CBC Ombudsman: Not ideal that CBC has not seen video but decision to cover Rob Ford alleged crack video story was correct

By Esther Enkin, CBC Ombudsman

By Esther Enkin, CBC Ombudsman

The complainant, L. D. Cross, thought CBC News had no business picking up on the stories of a video which allegedly showed Rob Ford, Toronto’s mayor, smoking crack cocaine. Without the physical evidence of the video, he felt this was nothing but reporting hearsay evidence. I found that the burden of proof in journalism is not the same as a court of law, and that CBC’s coverage of the story was in the public interest.


About two weeks after the initial reports of a video that purported to show Rob Ford smoking crack cocaine, you wrote to express your displeasure with CBC news coverage of the mayor. Your concern was clear:

I am fed up listening to you 'report' innuendo, he said, she said, they saw…

Show me the Rob Ford video or, SHUT UP !

CBC's constant repeating of unsubstantiated comments is insulting to me the viewer not to mention possibly libelous to Mr. Ford.”

You rejected the management response to your concerns, and stated that just because “two veteran Toronto Star reporters say they saw it (the video) does not make it so.” You felt CBC repeatedly transmitted hearsay evidence and there is no public interest justification to continue reporting on the story without concrete proof. The only thing that would justify the coverage in your estimation was the video, or as you stated, some “tangible proof.”

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Jennifer McGuire, General Manager and Editor in Chief of CBC News, responded to your concerns. She acknowledged that “you have put your finger on one of the key issues in the story and one of the reasons it is so difficult to cover.” She pointed out that the video was seen by two experienced Toronto Star reporters, and then by the editor of Gawker, a New York based online news site:

Does the video exist? Three credible journalists, two of them who saw it several times, say it does (or perhaps did). CBC News journalists did not see it.

But that video is at the heart of serious allegations of criminal behavior involving the city’s top elected official. They could have an effect on the mayor’s performance, on the work of city council, on potential investment and on the city’s economy. The story is clearly in the public interest. Although we did not see the video, the story is important enough with such potentially wide ranging implications that it would be irresponsible not to report what three reporters working for two respected news organizations had seen.”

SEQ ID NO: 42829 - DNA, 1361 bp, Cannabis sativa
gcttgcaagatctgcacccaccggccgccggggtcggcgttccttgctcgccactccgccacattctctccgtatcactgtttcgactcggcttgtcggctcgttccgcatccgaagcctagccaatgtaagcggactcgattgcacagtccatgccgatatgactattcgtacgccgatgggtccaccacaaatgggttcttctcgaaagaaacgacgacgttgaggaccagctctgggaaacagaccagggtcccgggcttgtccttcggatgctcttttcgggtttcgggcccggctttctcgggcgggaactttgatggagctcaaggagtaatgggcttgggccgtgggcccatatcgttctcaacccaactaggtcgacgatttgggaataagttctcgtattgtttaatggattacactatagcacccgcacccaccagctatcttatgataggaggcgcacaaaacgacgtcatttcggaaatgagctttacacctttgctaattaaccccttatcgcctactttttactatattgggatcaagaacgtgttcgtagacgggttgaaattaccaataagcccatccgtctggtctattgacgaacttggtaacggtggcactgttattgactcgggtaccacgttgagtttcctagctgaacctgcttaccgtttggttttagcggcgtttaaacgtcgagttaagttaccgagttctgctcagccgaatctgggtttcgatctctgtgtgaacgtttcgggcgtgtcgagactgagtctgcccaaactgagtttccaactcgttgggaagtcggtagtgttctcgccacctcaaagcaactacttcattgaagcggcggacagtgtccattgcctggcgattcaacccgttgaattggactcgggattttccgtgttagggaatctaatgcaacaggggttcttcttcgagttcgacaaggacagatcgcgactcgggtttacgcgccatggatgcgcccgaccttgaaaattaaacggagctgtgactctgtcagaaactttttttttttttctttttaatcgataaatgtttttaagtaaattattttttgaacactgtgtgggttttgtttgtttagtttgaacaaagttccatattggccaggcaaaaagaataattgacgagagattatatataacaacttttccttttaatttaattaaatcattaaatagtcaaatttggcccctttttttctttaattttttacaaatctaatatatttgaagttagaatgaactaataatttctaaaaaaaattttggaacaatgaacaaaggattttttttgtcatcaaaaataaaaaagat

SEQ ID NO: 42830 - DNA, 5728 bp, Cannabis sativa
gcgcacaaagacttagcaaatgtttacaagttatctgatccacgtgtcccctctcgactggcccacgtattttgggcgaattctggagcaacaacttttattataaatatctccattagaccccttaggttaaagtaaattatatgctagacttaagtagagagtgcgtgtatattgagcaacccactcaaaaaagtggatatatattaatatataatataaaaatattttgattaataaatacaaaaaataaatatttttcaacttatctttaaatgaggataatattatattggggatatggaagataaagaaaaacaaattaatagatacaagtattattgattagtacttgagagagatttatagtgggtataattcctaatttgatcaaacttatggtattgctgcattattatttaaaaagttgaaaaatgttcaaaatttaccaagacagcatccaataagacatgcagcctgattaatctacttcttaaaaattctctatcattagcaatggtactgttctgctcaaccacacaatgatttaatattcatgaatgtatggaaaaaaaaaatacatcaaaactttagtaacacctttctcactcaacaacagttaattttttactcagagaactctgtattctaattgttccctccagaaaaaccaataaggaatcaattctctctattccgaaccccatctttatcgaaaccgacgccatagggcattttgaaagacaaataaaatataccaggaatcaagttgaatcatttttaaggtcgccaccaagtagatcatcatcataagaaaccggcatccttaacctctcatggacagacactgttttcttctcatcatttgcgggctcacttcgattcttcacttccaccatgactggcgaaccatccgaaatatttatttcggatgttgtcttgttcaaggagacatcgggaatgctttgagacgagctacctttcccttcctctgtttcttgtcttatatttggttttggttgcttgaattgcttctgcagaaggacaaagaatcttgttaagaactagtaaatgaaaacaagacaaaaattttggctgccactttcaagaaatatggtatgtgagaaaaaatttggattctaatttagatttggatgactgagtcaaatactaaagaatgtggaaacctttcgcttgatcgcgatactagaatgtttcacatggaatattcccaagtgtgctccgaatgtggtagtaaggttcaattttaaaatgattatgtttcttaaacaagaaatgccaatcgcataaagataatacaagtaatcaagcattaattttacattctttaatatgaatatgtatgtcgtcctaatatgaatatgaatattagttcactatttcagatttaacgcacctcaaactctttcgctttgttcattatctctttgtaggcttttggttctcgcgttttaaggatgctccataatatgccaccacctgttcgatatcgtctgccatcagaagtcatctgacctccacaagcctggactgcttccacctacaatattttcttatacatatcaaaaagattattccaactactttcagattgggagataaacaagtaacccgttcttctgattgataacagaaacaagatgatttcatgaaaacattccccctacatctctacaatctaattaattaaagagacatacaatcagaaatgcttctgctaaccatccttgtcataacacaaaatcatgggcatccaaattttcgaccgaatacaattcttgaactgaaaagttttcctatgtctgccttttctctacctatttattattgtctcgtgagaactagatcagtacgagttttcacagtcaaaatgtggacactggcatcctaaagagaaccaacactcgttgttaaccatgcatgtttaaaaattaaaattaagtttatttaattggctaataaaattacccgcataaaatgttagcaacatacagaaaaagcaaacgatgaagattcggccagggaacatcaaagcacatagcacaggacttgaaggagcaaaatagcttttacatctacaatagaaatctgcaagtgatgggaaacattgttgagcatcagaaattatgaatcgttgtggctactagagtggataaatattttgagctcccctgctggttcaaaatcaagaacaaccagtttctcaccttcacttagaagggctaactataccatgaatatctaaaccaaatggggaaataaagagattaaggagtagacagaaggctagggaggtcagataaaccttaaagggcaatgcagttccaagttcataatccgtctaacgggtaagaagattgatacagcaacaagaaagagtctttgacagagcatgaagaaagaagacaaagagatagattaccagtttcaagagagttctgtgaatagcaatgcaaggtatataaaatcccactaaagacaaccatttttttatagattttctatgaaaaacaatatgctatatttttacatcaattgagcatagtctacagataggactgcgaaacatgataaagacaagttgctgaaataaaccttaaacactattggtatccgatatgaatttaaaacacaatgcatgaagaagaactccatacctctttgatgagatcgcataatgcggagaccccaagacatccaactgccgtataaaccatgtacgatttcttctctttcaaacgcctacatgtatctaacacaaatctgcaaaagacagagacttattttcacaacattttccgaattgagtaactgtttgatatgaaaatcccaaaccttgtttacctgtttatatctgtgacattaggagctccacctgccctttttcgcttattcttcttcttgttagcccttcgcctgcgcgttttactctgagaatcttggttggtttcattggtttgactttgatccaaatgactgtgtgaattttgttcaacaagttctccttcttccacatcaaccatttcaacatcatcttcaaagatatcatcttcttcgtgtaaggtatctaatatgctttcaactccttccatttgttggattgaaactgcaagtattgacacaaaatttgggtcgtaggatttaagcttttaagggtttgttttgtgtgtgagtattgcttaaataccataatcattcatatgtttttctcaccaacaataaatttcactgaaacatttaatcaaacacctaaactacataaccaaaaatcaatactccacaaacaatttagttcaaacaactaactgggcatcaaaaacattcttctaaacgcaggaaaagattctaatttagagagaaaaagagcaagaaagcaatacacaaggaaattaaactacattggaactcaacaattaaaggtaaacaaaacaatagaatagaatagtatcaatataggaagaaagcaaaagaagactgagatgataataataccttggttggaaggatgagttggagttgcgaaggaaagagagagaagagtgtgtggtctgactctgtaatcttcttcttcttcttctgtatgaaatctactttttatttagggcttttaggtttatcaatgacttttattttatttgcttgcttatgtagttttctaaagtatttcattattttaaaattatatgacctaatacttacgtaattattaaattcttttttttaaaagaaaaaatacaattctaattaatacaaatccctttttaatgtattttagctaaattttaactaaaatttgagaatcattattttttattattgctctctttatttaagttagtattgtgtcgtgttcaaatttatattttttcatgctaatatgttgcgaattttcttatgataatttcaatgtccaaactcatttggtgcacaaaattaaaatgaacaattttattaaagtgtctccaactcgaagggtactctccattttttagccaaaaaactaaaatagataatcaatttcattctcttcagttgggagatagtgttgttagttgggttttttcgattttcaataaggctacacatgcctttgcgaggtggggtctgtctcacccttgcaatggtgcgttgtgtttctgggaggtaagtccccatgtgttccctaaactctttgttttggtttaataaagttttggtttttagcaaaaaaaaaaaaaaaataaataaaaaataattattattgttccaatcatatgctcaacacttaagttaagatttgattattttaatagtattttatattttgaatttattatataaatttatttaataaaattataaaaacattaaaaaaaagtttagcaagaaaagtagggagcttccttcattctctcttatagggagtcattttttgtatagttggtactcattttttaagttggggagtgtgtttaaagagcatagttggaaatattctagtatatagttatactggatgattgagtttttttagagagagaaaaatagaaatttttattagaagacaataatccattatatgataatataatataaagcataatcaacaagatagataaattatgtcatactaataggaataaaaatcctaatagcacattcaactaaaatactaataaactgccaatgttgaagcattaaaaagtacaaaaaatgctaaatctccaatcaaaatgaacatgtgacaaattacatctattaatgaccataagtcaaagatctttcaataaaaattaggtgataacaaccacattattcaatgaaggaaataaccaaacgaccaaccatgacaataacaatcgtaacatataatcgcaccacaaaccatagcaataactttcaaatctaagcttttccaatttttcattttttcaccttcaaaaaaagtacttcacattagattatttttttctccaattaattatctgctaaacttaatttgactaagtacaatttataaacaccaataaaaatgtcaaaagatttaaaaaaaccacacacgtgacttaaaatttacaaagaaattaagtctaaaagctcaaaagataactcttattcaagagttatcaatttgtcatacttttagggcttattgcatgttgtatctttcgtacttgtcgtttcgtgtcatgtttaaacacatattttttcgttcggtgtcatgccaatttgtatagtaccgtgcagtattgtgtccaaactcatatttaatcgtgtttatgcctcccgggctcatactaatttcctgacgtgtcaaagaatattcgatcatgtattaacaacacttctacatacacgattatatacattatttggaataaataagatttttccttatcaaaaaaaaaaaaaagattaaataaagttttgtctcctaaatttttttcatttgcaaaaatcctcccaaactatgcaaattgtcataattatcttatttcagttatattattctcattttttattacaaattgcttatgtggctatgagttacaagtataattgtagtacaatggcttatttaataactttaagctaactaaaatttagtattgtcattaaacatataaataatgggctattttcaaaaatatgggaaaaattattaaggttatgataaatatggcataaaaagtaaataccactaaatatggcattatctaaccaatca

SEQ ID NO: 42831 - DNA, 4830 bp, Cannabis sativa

She pointed out that CBC news also prominently reported the mayor’s response to the allegations, and that coverage featured the views of his supporters and as well as his critics. She noted:

“With that information, viewers and listeners may reasonably be expected to evaluate the comments, test them against each other and the facts and reach their own conclusions about the nature of the story and the mayor’s activities.”

She felt CBC News had adhered to CBC Journalistic Standards and Practices.


The coverage of the allegations against Toronto Mayor Rob Ford, and subsequent events, have been challenging for journalists. When a credible news organization puts a story like this one out there, it takes on a life of its own. One of the many unusual things about this story is that other news organizations did give it a lot of coverage. It is not often the case – there is a strong competitive spirit between publications and broadcasters, and often they are loathe to give credit, or draw more attention to a story that belongs exclusively to one news outlet.

In this case, the allegations were serious enough, and its potential impact far-reaching enough, that it met any test of “public interest.” 

To continue reading, please go to the CBC Ombudsman's website where this was originally published